Members of the WBHS ski and golf teams (both JV) traveled to the far-reaches of the United States for our annual gathering. As mentioned before, this group goes back to kindergarten/elementary school. While we normally do a ski trip, this year we mixed it up with a fishing trip to Alaska. Chris wasn’t able to make our last big trip to Austria, which ended right as the pandemic was unfolding in March of 2020.
Chris did a great job of organizing our travel after hearing about it from a friend. We all flew to Kenai, AK, which is a 20 minute flight from Anchorage. We stayed for 5 nights at the Tower Rock Lodge, which is on the Kenai River where we fished for a couple days. I had no idea what to pack, so I packed all my ski gear. It turned out to be a lot like skiing … cold, rainy skiing.
Our first day of fishing was the most scenic. We headed to Crescent Lake in Lake Clark National Park, which is only accessible by float plane or boat. We took the former, which was an adventure in itself. Once landed with our gear unloaded, we took a couple boats down river. Immediately we saw a couple bear cubs playing along the shore, with their mother nearby. This was only the first of many bear encounters and sightings throughout the day.
We were fishing for Silver Salmon, but caught some Pinks and Dolly Varden trout, which are not good for eating. The fishing was tough and we didn’t get our limit, but two other guys in another group didn’t catch anything all day. The challenging fishing was made up for by a very scenic and thrilling plane ride home. Our pilot seemed to be inspired by Top Gun Maverick, as we flew up and over the crest of a range and descended down a narrow canyon. I wished I had some video, but most importantly we lived to tell the tale.
We generally had breakfast and dinner at the lodge, which was always prepared and served beautifully. The food was really good. Thursday after breakfast, we walked a hundred yards to the river and fished the Lower Kenai all day. We were split 3 and 3 into two boats and neither boat hit their limit (3 Silvers per person). The limit just prior to September 1st was only 2 per person, which we did achieve.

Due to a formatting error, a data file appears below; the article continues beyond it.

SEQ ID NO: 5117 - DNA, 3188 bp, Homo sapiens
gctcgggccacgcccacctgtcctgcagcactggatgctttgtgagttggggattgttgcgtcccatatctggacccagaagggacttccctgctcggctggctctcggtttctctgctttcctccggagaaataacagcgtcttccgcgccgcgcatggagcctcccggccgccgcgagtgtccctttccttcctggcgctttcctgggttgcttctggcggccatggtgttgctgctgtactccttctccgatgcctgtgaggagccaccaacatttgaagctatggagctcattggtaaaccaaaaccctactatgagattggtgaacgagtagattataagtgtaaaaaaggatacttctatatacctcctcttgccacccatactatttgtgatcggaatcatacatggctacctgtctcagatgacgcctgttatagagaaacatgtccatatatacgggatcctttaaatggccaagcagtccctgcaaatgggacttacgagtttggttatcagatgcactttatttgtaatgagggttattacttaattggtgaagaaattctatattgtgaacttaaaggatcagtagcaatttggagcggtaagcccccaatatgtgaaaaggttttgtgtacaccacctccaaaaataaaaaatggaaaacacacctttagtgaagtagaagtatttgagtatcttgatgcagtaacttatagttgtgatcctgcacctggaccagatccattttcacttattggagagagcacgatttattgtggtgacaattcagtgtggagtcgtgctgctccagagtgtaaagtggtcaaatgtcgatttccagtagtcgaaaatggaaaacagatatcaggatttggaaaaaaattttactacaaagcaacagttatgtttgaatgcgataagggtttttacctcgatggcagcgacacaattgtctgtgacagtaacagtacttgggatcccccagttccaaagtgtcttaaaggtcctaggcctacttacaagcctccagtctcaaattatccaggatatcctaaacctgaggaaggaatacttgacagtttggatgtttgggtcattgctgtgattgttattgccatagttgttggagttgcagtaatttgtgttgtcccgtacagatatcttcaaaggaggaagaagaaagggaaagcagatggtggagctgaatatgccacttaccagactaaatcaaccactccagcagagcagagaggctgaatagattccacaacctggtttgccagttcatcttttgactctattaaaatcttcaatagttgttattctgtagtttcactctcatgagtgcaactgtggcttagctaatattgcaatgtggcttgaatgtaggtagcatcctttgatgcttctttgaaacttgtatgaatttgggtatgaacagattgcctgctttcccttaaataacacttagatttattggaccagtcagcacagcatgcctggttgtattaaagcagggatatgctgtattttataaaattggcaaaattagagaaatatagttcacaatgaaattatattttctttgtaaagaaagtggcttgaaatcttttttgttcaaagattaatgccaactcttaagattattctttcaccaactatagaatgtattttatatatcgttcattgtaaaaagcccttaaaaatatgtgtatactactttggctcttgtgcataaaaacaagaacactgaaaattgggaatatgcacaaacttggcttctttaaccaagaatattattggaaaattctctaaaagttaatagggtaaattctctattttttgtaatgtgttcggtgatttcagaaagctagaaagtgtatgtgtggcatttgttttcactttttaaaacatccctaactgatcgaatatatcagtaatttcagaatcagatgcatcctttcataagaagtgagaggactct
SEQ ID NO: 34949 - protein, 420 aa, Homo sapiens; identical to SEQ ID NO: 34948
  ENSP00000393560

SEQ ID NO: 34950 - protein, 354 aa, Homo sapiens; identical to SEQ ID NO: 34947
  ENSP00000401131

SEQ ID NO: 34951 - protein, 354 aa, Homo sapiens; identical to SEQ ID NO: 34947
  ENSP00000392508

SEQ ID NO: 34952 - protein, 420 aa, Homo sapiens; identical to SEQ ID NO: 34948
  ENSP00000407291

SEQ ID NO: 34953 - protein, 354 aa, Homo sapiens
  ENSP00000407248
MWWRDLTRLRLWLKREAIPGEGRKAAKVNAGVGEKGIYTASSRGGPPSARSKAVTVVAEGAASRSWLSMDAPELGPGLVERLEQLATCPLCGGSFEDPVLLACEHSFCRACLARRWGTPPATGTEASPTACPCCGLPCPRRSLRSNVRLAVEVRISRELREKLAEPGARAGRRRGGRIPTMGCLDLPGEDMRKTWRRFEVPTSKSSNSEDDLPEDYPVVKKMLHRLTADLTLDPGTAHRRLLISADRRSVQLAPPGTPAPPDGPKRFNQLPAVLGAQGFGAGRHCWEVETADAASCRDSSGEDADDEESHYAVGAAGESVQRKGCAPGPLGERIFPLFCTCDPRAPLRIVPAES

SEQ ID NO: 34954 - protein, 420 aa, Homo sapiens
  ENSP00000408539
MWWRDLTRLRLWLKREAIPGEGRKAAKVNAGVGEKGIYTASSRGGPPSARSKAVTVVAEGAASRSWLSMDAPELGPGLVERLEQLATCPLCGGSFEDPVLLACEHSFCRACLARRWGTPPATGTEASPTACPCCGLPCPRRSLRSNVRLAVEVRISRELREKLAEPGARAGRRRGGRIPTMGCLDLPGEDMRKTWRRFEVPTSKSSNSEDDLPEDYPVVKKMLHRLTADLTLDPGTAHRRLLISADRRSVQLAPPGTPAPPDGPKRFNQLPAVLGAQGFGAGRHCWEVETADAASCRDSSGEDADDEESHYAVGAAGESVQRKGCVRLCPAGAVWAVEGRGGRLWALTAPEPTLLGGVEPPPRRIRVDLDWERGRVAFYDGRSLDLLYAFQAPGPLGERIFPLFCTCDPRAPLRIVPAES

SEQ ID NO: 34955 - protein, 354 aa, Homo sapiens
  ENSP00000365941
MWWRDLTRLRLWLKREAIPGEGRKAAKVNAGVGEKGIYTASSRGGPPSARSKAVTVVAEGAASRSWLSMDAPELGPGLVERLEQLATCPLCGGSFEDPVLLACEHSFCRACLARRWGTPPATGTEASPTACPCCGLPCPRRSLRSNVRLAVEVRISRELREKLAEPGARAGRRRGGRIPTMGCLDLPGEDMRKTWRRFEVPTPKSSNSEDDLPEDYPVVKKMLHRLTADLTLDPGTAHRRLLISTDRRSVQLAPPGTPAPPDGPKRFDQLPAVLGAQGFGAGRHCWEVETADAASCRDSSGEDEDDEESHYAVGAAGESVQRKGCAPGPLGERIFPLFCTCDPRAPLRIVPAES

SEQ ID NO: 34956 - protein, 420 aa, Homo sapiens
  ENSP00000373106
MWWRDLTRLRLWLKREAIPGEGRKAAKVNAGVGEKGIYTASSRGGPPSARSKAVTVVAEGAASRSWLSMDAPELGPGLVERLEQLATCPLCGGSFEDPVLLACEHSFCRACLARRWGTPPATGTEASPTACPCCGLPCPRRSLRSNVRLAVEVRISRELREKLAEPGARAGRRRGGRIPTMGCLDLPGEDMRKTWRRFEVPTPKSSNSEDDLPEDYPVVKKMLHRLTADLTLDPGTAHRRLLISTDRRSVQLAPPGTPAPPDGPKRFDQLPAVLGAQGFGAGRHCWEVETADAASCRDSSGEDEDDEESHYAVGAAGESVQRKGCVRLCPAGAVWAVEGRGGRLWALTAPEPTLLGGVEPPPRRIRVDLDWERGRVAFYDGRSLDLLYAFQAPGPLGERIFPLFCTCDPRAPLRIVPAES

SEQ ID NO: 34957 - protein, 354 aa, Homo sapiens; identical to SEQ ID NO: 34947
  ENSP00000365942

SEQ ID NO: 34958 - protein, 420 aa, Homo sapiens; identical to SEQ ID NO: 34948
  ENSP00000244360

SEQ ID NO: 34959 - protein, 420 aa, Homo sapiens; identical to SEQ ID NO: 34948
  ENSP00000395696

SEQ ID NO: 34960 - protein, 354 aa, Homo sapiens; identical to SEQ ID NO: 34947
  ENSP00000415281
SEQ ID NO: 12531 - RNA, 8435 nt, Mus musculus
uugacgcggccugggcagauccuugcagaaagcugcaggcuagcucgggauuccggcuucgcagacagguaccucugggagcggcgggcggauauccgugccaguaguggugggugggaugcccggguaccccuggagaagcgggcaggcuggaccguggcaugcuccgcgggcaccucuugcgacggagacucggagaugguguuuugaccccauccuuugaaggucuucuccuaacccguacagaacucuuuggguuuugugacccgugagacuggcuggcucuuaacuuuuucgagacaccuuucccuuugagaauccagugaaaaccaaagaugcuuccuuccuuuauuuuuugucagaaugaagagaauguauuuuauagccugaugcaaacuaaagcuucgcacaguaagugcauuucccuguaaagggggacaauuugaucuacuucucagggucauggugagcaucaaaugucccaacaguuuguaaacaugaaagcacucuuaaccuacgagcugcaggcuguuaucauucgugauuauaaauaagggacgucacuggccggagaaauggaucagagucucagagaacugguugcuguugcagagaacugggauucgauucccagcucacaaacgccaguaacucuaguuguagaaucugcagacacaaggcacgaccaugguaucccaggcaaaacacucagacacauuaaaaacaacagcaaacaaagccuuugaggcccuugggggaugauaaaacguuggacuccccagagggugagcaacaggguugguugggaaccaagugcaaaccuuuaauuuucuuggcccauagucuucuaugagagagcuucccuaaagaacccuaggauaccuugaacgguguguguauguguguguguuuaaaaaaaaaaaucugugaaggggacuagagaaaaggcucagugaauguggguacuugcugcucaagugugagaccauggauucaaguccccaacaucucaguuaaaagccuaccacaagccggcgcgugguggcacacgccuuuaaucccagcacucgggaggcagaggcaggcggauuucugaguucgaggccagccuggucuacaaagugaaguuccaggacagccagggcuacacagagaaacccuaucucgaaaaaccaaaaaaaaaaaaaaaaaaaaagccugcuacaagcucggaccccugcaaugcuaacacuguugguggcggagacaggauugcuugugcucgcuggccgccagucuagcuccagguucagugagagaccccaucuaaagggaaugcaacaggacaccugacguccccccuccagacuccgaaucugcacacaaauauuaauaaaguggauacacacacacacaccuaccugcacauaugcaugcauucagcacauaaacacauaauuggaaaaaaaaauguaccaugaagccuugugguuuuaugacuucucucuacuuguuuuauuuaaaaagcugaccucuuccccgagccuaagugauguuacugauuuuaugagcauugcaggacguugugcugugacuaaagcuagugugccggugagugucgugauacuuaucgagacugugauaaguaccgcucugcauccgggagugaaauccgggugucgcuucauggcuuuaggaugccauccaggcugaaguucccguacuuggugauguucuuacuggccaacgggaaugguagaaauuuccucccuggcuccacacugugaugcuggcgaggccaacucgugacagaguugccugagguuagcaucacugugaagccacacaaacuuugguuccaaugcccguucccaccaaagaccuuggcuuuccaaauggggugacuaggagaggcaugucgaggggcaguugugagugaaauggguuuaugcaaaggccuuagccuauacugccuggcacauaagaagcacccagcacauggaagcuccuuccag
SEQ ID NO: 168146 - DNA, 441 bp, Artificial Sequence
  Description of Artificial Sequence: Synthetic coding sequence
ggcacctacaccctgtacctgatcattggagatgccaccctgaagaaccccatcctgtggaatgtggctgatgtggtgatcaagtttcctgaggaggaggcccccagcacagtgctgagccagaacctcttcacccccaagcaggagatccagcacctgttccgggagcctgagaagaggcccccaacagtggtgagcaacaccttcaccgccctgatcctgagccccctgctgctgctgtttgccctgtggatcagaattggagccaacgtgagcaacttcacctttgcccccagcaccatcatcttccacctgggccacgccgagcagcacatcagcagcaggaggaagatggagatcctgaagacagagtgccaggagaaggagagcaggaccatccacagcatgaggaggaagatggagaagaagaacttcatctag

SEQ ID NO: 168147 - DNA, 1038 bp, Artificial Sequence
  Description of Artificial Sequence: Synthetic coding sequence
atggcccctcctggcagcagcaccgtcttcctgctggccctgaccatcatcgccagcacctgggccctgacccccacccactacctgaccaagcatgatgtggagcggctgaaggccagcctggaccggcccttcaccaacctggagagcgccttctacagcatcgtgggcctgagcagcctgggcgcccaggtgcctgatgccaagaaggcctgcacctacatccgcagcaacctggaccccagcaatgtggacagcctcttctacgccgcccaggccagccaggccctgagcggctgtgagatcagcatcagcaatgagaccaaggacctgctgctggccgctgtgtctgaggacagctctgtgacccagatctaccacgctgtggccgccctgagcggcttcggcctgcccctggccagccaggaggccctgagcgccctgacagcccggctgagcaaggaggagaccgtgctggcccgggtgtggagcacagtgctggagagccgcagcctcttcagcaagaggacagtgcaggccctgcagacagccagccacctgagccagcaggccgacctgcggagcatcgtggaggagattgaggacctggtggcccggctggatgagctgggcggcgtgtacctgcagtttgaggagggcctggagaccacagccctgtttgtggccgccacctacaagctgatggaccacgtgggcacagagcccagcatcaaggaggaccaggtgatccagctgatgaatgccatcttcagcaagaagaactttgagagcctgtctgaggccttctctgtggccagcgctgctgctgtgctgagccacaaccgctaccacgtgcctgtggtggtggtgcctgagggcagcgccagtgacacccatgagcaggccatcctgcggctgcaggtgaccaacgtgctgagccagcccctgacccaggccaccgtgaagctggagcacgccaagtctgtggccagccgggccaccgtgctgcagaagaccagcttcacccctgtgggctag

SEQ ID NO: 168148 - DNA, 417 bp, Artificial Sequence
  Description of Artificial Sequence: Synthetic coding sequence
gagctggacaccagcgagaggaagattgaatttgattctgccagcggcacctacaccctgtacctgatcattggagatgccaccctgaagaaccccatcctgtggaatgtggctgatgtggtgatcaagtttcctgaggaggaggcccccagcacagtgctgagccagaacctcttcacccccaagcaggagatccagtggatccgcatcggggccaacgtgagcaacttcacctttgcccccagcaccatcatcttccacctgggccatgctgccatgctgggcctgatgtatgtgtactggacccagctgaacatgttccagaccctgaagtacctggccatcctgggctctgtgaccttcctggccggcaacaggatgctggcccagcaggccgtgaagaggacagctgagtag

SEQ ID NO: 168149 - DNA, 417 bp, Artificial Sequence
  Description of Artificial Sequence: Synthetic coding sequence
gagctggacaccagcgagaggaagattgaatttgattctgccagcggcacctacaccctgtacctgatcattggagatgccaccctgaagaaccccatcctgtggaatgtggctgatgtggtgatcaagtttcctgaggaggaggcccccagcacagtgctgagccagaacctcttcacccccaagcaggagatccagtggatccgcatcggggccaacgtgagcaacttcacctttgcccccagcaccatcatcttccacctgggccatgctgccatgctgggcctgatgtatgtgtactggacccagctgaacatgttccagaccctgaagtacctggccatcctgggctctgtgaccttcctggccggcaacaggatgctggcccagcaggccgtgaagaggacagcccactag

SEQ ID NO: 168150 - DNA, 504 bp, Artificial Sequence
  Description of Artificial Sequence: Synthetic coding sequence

Our Halibut charter on Friday was cancelled due to high winds and rough seas. We ended up on the Lower Kenai again with the same groups, but we switched guides. This meant we got to spend the day with Bear the dog, who comforted us through tough times. I think our boat only caught four keepers that day, though we did throw back a couple Pinks.
The weather and seas on Saturday were much nicer. We got up for a 5am departure and a 90-minute drive to Homer. I haven’t been on that many boats, but when we boarded Big Dan’s fishing vessel, we knew it was something special. He said it was the nicest sport fishing boat in Alaska and I don’t have a reason to doubt him. It was an almost brand new all-aluminum catamaran with four outboard Yamaha 425 V8s.
We cruised about 90 minutes to our fishing spot. We did an experiment where half the group took Dramamine and the other half didn’t. I didn’t, and honestly, I didn’t feel great. Nick, it turned out, wasn’t feeling 100% either, but we both gutted it out.
Halibut fishing seemed to be a lot easier. We started pulling up keepers almost immediately. There are a lot of regulations in fishing. For halibut, you must catch one smaller than 28″ and the other can be any size, so the goal is as big as possible. All of us got our big ones except Nick, which meant that every time there was a fish on, he had to reel it up. Nick caught 3 skate and a flounder while trying to get his limit. He was grinding hard and digging deep to bring up those fish.
It turned out to be surprisingly difficult to catch our last few small ones as the tide and conditions changed. I think we ended up being just one short when a line got caught in one of the props and we had to limp home on 3 engines. Once that was sorted in the marina, we made our way back to Kenai. Someone caught a halibut that was almost 7 feet long and 300 pounds, which we saw on the way out.
The cook prepared our halibut cheeks as an appetizer and cooked some of our halibut as our final entree. The rest of our fish was sent to the processor to be cleaned, packed and frozen for our return trip home. Five of us split up the fish and I’d guess it was about 30-35lbs each.
Even though I live the closest, it still took me 3 flights and about 15 hours to get home. I can’t really complain because Nick just got home and Mike might still be flying to Laguardia.
This was another epic trip in the books. I mostly came to hang out and take pictures of these guys fishing, but I had fun getting mine, too. One of the kids asked me if I was having fun and I said it was fun, but not pleasant. Fishing is hard work. I wouldn’t normally stand out in the cold and rain for 7 hours, bouncing bait off the river bottom about 12,000 times. But, it was worth it to spend some solid time together.
We’re already talking about our next trip. Chris feels like we missed out on King Salmon season and Nick is wondering why we don’t go somewhere warm to golf. I’m always game for anything and hope we can try it all (before we can’t).